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The power of Reasonable Adjustments

I was reminded recently by a valued connection that the notion of Reasonable Adjustments in the recruitment process is still an unfamiliar concept to many if not the majority of people. Indeed, on reflection my experience supports this observation. Considering the powerful role that Reasonable Adjustments can play in opening a hiring process to a broader talent pool, and to promoting inclusion, it struck me how important it is to keep shining a light on this subject.

In conversations with employers and across my network over the past few years I’ve encountered a scale of familiarity with Reasonable Adjustment something like this…

Unfamiliar with reasonable adjustments. Most people fall into this category including the majority of recruiters, many business leaders and hiring managers.

Somewhat familiar. A smaller population of people including those with theoretical knowledge of disability inclusion (possibly some training or higher education in this area) but limited experience in disability-inclusive hiring.

Very familiar – A more limited population again, made up of people with regular exposure to disability-inclusive hiring practices and with a strong level of disability confidence… plus People with Disability!

These observations highlight what a huge opportunity there is to reinforce Reasonable Adjustments as a key element in the journey to full inclusion in the recruitment process. What I love about reasonable adjustments is that in actual fact the concept is one of the easiest practical changes to the recruitment process that anyone can make. That’s because most of the change towards incorporating Reasonable Adjustments is arguably in the mindset, or at least it starts there. This is in turn supported by communication (written / verbal depending on the process), and further by tools and resources which can start as fairly basic and develop over time.

So, without rewriting the definition of adjustments here (“JobAccess / Employer Resources” is a good place to visit for more info), I would like instead to pose a couple of questions which help frame a potential approach to them, particularly for anyone in either of the top two categories above:

Do my job ads welcome requests for reasonable adjustments to the application process?

  • An adjustment at this stage could be providing application documentation in an alternative format, or requesting an alternative screening method
  • Remember to add appropriate wording to job ads, including a process for requests. Create a new wording template if one exists.
  • Potential learning benefits: Hirers learn first-hand about Reasonable Adjustments. Barriers are removed in the application process.
  • Powerful ripple effect: Sends a public message of inclusion from your organisation to people with disability and beyond!

Where else in the process can I revisit Reasonable Adjustments?

Repeating the habit and process of raising Reasonable Adjustments throughout the hiring process to conclusion helps to establish an inclusive mindset, to further educate hirers and to identify and remove unintended barriers.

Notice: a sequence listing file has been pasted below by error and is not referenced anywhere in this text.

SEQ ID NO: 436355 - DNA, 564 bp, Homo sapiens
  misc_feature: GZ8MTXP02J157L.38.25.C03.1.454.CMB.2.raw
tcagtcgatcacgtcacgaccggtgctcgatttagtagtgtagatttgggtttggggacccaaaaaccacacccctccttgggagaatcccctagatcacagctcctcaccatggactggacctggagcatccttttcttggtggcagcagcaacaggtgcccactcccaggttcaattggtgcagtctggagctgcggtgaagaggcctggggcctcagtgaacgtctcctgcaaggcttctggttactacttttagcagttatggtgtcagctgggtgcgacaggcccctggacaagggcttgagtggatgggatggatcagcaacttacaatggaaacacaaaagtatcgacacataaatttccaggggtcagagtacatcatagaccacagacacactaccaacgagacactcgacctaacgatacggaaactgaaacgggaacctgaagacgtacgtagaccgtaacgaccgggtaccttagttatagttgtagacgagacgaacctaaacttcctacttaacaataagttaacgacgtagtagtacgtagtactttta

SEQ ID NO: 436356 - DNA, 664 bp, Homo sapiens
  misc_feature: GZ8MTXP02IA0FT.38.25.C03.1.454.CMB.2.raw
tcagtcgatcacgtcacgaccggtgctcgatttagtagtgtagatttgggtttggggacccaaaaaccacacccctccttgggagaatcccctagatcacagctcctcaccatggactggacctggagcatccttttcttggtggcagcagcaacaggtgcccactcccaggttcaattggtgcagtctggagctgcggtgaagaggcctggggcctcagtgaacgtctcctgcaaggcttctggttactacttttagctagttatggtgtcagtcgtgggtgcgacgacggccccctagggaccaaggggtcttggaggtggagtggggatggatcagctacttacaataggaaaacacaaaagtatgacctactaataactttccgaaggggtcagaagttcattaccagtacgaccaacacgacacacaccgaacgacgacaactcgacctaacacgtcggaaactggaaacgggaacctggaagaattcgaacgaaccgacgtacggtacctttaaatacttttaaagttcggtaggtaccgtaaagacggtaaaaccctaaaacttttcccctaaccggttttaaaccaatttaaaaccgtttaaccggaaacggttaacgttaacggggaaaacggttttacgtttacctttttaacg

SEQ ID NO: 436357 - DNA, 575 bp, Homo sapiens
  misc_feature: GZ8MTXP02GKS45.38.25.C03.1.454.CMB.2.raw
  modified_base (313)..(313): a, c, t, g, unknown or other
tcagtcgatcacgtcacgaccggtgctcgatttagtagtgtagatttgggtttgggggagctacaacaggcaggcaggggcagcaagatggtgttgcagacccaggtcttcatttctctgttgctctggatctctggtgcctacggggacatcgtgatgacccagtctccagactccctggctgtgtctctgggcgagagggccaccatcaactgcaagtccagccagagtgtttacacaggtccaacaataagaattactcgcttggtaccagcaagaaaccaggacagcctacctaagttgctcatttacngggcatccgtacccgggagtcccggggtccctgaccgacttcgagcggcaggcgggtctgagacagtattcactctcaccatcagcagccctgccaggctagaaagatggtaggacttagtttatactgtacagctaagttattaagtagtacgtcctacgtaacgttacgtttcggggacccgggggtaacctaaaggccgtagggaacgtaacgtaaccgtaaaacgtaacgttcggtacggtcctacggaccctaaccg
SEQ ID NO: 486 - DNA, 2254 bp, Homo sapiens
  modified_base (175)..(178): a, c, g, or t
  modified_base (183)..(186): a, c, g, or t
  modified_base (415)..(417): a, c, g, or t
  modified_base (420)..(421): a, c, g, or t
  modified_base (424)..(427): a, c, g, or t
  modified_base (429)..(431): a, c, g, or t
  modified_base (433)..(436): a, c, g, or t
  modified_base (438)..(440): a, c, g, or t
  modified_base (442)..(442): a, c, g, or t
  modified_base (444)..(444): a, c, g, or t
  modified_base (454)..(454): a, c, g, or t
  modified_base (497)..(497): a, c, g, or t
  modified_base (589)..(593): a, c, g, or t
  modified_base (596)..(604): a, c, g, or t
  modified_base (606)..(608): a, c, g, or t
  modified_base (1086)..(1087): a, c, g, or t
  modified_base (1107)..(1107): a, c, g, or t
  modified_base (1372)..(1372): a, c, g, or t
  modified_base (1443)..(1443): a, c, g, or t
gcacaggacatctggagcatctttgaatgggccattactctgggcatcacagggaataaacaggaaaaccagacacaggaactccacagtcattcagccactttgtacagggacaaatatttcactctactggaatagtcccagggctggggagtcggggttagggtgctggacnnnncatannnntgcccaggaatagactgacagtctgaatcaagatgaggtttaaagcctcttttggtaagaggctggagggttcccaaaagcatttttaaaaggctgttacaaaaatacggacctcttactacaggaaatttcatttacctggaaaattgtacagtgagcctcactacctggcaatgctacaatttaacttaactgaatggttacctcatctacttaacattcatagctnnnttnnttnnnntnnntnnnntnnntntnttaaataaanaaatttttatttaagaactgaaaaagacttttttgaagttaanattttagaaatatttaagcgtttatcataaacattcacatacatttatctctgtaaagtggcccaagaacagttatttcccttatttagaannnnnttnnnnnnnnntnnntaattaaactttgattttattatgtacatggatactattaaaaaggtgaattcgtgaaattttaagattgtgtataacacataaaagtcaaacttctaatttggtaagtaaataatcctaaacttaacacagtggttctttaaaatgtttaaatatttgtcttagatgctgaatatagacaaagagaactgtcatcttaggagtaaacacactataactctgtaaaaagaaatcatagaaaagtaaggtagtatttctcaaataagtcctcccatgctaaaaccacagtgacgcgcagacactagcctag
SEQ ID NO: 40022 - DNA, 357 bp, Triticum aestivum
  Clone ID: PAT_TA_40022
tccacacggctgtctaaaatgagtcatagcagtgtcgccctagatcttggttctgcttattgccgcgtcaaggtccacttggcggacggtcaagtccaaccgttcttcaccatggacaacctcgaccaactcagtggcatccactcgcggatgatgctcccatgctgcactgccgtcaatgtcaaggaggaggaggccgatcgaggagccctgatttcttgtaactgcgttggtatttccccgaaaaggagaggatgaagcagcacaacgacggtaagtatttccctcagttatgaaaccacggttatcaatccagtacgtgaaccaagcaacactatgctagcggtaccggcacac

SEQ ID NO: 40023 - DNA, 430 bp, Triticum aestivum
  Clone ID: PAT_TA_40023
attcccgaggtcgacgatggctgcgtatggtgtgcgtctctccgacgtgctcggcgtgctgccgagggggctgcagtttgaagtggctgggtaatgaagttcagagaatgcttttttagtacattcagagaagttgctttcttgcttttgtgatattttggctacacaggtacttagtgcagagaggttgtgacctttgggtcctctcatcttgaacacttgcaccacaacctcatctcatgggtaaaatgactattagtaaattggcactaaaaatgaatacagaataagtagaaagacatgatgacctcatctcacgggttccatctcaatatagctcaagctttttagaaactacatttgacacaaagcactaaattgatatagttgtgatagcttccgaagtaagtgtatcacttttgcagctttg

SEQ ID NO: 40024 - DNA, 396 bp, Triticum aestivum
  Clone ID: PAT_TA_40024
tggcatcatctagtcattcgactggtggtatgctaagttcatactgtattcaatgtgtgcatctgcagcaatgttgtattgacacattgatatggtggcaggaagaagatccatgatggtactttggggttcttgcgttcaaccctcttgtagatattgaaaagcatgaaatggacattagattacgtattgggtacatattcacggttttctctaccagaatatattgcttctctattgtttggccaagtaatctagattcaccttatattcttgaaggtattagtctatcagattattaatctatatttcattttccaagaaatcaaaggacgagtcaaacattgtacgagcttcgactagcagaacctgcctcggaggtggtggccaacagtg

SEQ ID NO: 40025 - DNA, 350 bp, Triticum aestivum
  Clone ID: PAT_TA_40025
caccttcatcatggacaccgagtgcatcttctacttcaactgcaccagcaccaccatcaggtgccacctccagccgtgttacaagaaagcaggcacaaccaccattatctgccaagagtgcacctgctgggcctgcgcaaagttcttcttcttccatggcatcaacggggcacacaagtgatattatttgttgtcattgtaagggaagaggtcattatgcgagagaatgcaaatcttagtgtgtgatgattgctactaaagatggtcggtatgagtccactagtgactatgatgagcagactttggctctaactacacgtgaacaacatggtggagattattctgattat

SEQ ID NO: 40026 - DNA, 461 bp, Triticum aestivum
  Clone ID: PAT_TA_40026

• A reasonable adjustment at interview for example could be an alternative room or building location, instructions regarding effective interaction with the candidate, advance notice of interview questions, removal or adjustment of timed elements etc.
  • A reasonable adjustment once hired might be access to a quiet room during working hours, flexibility around working hours, or a physical adjustment to the work environment etc.
  • Candidates are your most valuable resource in relation to their own situation, but there are also excellent resources available online and through government agencies to inform you.
  • Overcome fear of failure: It is not necessary to be prepared for every possible adjustment contingency. It’s more important to be open-minded to flexibility and be prepared to explore options in response to a request. Remember you only need to provide REASONABLE adjustments.
  • Potential benefits: Interviews which enable candidates to present themselves without being impeded by barriers. Further inclusive learning opportunities for hirers. Ultimately: more diverse hires.
  • Powerful ripple effect: Creating behavioural-based organisational change.

In my experience of including these considerations on our website and inviting frequently as part of our registration process, most candidates require little or no adjustment. 100% of candidates however express appreciation for the question, and the establishment of a safe space to make the request.

The concept of inviting requests for reasonable adjustments during the recruitment process is of course just a part of the journey to full inclusion, but in many cases it’s a critical and actionable first step in the right direction that many employers can take.

I think there is a lot of Power in that first step. Deep breath. Go!

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